Mahindra Two Wheelers Limited (MTWL) acquired 51 per cent shares in France-based
Peugeot Motorcycles (PMTC).

INCREASING INVESTMENTS BY GLOBAL CAR MANUFACTURERS


GOVERNMENT INITIATIVES

The Government of India encourages foreign investment in the automobile sector and allows
100 per cent FDI under the automatic route.
Some of the major initiatives taken by the Government of India are:
Mr. Nitin Gadkari, Minister of Road Transport, Highways & Shipping has announced plans
to set up a separate independent Department for Transport, comprising of experts from
the automobile sector to resolve issues such as those related to fuel technology, motor
body specifications and fuel emissions, apart from exports.
Government of India aims to make automobiles manufacturing the main driver of Make
in India initiative, as it expects passenger vehicles market to triple to 9.4 million units by
2026, as highlighted in the Auto Mission Plan (AMP) 2016-26.
In the Union budget of 2015-16, the Government has announced to provide credit of Rs
850,000 crore (US$ 124.71 billion) to farmers, which is expected to boost the tractors
segment sales.
The Government plans to promote eco-friendly cars in the country i.e. CNG based vehicle,
hybrid vehicle, and electric vehicle and also made mandatory of 5 per cent ethanol
blending in petrol.
The government has formulated a Scheme for Faster Adoption and Manufacturing of
Electric and Hybrid Vehicles in India, under the National Electric Mobility Mission 2020 to

encourage the progressive induction of reliable, affordable and efficient electric and
hybrid vehicles in the country.
The Automobile Mission Plan (AMP) for the period 20062016, designed by the
government is aimed at accelerating and sustaining growth in this sector. Also, the well-
established Regulatory Framework under the Ministry of Shipping, Road Transport and
Highways, plays a part in providing a boost to this sector.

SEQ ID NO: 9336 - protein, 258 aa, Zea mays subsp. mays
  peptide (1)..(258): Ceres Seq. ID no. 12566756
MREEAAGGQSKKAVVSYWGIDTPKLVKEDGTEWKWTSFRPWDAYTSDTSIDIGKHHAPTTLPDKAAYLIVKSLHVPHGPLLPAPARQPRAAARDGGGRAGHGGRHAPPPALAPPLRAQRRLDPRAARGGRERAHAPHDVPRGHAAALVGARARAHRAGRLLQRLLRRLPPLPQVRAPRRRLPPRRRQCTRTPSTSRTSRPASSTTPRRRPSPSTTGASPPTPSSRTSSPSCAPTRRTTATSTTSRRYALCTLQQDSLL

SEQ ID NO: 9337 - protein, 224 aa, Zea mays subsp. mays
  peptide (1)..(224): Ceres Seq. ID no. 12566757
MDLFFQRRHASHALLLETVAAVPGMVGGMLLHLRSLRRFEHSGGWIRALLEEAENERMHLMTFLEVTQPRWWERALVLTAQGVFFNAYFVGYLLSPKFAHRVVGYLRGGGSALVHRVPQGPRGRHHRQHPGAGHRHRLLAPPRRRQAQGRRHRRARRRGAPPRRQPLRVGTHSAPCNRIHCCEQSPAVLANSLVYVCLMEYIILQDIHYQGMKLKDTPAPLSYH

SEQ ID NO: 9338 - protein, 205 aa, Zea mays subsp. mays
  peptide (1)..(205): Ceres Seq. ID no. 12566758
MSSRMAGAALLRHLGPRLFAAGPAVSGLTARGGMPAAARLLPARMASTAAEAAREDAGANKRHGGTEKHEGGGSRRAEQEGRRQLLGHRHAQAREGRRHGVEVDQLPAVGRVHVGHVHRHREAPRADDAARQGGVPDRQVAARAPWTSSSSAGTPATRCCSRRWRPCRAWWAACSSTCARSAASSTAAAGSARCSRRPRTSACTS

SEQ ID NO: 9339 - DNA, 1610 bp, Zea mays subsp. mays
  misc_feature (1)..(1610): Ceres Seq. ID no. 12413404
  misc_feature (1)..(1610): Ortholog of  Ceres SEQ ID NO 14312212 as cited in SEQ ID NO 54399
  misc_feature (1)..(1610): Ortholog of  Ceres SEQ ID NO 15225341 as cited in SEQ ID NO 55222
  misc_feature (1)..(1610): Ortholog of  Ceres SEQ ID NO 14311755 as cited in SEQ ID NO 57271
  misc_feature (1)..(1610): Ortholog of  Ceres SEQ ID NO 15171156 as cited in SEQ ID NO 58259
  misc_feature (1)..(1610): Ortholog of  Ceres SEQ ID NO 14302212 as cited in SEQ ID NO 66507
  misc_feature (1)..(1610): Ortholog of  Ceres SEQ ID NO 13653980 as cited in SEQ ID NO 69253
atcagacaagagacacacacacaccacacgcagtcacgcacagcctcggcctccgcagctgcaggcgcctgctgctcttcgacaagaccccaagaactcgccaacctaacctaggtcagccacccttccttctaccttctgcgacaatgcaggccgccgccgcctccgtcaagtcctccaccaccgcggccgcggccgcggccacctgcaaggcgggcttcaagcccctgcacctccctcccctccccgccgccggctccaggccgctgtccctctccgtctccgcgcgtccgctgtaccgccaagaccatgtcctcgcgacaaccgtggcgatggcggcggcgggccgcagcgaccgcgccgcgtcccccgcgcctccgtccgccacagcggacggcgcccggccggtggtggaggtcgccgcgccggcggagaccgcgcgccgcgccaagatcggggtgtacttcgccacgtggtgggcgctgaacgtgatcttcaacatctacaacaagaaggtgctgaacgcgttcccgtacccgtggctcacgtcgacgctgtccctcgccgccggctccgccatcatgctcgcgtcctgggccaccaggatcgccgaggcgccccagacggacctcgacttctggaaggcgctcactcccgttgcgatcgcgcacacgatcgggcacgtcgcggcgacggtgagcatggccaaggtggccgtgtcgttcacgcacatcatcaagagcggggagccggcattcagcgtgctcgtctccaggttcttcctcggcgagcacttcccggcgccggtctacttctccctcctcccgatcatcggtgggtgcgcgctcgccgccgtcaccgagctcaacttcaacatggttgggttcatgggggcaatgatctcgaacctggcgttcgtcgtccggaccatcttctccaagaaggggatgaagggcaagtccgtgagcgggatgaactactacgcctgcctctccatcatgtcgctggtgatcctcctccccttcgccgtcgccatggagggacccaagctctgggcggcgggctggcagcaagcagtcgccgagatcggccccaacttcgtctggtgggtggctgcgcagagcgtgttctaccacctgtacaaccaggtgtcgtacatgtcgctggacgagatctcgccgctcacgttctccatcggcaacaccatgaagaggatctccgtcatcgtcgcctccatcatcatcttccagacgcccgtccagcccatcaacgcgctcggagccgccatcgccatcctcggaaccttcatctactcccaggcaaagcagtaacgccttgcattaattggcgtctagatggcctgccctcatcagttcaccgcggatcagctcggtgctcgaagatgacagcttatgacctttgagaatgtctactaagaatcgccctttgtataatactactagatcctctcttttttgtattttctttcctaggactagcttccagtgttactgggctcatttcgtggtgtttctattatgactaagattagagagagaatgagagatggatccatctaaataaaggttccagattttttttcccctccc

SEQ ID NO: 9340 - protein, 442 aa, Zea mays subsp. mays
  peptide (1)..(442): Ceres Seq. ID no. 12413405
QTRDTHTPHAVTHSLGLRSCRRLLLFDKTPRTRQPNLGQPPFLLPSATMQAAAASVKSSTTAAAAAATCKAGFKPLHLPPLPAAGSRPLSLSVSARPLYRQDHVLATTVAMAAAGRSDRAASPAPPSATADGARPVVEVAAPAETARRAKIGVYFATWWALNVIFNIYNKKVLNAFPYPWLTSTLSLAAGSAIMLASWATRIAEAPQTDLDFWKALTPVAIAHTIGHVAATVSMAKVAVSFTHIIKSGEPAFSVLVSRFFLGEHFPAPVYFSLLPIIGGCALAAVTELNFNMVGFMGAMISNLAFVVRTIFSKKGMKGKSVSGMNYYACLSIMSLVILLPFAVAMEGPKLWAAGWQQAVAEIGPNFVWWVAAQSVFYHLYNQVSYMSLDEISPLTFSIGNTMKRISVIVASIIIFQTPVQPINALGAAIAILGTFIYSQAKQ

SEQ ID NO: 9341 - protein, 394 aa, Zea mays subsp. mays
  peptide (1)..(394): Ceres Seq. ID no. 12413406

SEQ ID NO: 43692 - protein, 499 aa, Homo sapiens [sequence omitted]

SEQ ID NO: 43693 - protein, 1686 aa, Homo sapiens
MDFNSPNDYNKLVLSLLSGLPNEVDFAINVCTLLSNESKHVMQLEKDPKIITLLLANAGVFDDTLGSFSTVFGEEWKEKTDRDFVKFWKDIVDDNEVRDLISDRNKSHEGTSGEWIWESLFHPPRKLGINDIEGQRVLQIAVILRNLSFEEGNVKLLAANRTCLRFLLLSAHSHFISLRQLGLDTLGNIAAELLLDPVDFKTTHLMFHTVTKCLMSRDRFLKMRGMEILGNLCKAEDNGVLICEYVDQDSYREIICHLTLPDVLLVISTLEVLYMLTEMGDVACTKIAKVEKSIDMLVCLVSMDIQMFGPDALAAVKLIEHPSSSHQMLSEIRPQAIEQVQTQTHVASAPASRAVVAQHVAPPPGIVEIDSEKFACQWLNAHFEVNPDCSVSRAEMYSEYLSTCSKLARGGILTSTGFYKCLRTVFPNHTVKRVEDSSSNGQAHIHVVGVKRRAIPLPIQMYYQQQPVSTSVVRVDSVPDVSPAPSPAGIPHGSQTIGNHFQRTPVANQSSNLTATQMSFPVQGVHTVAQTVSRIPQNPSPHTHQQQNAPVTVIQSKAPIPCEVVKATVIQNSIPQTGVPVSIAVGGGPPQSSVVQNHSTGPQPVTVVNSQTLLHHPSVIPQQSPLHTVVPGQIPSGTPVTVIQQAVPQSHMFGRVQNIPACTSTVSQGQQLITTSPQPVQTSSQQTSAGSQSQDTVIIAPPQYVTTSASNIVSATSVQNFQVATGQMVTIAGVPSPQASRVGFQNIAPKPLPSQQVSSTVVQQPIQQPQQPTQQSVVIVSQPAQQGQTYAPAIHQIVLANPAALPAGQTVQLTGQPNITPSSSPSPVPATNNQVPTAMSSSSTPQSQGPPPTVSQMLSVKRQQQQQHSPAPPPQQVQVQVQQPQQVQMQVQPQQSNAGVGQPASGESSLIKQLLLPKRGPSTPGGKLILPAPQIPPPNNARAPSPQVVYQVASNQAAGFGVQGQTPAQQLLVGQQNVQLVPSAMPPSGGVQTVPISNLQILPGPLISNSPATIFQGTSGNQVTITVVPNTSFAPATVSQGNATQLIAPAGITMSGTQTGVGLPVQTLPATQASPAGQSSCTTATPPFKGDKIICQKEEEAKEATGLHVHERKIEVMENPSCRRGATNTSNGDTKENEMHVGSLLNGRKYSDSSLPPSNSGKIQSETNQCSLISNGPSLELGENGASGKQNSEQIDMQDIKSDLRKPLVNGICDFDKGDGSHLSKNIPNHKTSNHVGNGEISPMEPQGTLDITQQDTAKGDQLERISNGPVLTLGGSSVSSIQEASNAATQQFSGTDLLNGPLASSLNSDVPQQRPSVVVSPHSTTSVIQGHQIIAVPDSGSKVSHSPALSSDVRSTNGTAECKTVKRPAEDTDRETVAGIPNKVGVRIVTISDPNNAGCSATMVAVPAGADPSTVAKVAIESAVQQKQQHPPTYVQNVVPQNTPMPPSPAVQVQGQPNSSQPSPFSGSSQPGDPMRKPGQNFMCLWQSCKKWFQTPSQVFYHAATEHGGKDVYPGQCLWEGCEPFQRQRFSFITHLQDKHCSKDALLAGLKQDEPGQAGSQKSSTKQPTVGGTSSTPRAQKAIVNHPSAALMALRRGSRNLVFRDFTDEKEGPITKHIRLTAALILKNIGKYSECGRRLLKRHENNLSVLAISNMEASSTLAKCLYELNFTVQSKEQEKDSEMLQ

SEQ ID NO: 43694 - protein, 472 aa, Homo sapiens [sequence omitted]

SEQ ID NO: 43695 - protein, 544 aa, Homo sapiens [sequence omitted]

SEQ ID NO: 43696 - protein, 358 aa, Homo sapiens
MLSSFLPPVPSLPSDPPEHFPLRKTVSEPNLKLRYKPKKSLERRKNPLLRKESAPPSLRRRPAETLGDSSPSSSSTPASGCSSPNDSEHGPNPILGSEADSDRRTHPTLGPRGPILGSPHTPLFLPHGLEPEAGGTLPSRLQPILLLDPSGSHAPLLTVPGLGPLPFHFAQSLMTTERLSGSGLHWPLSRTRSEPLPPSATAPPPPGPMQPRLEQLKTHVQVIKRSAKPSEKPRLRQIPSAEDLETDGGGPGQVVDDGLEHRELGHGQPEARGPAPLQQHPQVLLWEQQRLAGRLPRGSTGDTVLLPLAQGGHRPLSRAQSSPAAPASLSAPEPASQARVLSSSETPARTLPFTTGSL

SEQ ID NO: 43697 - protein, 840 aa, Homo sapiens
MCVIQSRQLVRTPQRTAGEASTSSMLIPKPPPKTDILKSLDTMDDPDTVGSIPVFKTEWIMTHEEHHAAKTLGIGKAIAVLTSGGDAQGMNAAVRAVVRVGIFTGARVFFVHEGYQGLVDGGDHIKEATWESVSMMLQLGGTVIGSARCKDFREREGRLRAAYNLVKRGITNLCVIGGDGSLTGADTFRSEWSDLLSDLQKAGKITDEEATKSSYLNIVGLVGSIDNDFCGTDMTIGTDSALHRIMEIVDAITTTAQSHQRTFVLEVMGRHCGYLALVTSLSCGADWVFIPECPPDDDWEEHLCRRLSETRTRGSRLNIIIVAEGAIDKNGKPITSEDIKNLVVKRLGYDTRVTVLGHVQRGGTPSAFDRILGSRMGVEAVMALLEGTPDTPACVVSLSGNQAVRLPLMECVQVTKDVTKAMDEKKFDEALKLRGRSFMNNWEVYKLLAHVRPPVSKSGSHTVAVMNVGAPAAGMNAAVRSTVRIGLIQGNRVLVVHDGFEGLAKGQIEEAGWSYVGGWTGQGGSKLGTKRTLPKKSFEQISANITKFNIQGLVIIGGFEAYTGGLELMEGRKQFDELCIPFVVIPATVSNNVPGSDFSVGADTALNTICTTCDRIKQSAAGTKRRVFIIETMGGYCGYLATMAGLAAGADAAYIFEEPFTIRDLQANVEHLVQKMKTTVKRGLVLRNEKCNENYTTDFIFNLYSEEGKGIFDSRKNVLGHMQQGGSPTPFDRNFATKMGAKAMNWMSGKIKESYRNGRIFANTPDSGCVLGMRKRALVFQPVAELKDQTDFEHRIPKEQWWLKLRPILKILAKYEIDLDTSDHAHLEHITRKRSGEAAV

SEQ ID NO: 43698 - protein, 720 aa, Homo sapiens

Road Ahead
Indias automotive industry is one of the most competitive in the world. It does not cover
100 per cent of technology or components required to make a car but it is giving a good
97 per cent, as highlighted by Mr. Vicent Cobee, Corporate Vice-President, Nissan Motors
Datsun.
Leading auto maker Maruti Suzuki expects Indian passenger car market to reach four
million units by 2020, up from 1.97 million units in 2014-15.
The Indian automotive sector has the potential to generate up to US$ 300 billion in annual
revenue by 2026, create 65 million additional jobs and contribute over 12 per cent to
Indias Gross Domestic Product#.

PROSPECTIVE OPPORTUNITY

With the Modi Government in power, there are expectations of increased focus on
reforms and ramp up in infrastructure. Thus, government spending on infrastructure in
roads and airports and higher GDP growth in the future will benefit the auto sector in
general. We expect a slew of launches both in passenger cars and utility vehicles (UVs) given
that the competition has intensified.

In the 2-wheeler segment,
motorcycles are expected to witness a
flurry of new model launches. Though
the market size is expected to grow by
10% to 12%, competitive pressure
could keep prices and margins under
control. TVS, Honda and Hero
Motocorp will continue to benefit
from higher demand for ungeared
scooters in the urban and rural
markets. In the last four years, scooters have grown at a faster clip than motorcycles and this
trend is expected to continue going forward. The 3 wheeler industry, where Bajaj Auto is the
market leader, is also poised for growth on the back of new permits and increase in exports.

While good monsoon is a positive for the tractor sector, assuming that non-farm incomes
climb up, volumes should hold up well in the longer run despite a year or two of poor
monsoons. The longer-term picture is
healthy in light of poor mechanization
levels in the countrys farm sector and the
thrust of the government on improving
rural infrastructure.

Demand for HCVs is expected to grow by
7% to 8% over the long term. The
privatization of select state transport
undertakings bodes well for the bus
segment.

References

http://www.ibef.org/industry/automobiles-presentation
https://www.equitymaster.com/research-it/sector-info/auto/Automobiles-Sector-
Analysis-Report.asp#kp
http://www.makeinindia.com/sector/automobiles
http://www.siamindia.com/statistics.aspx?mpgid=8&pgidtrail=9
http://economictimes.indiatimes.com/industry/auto
http://automobiles.mapsofindia.com/
http://www.globalsuzuki.com/automobile/
https://en.wikipedia.org/wiki/Automotive_industry
http://economictimes.indiatimes.com/topic/automobile-industry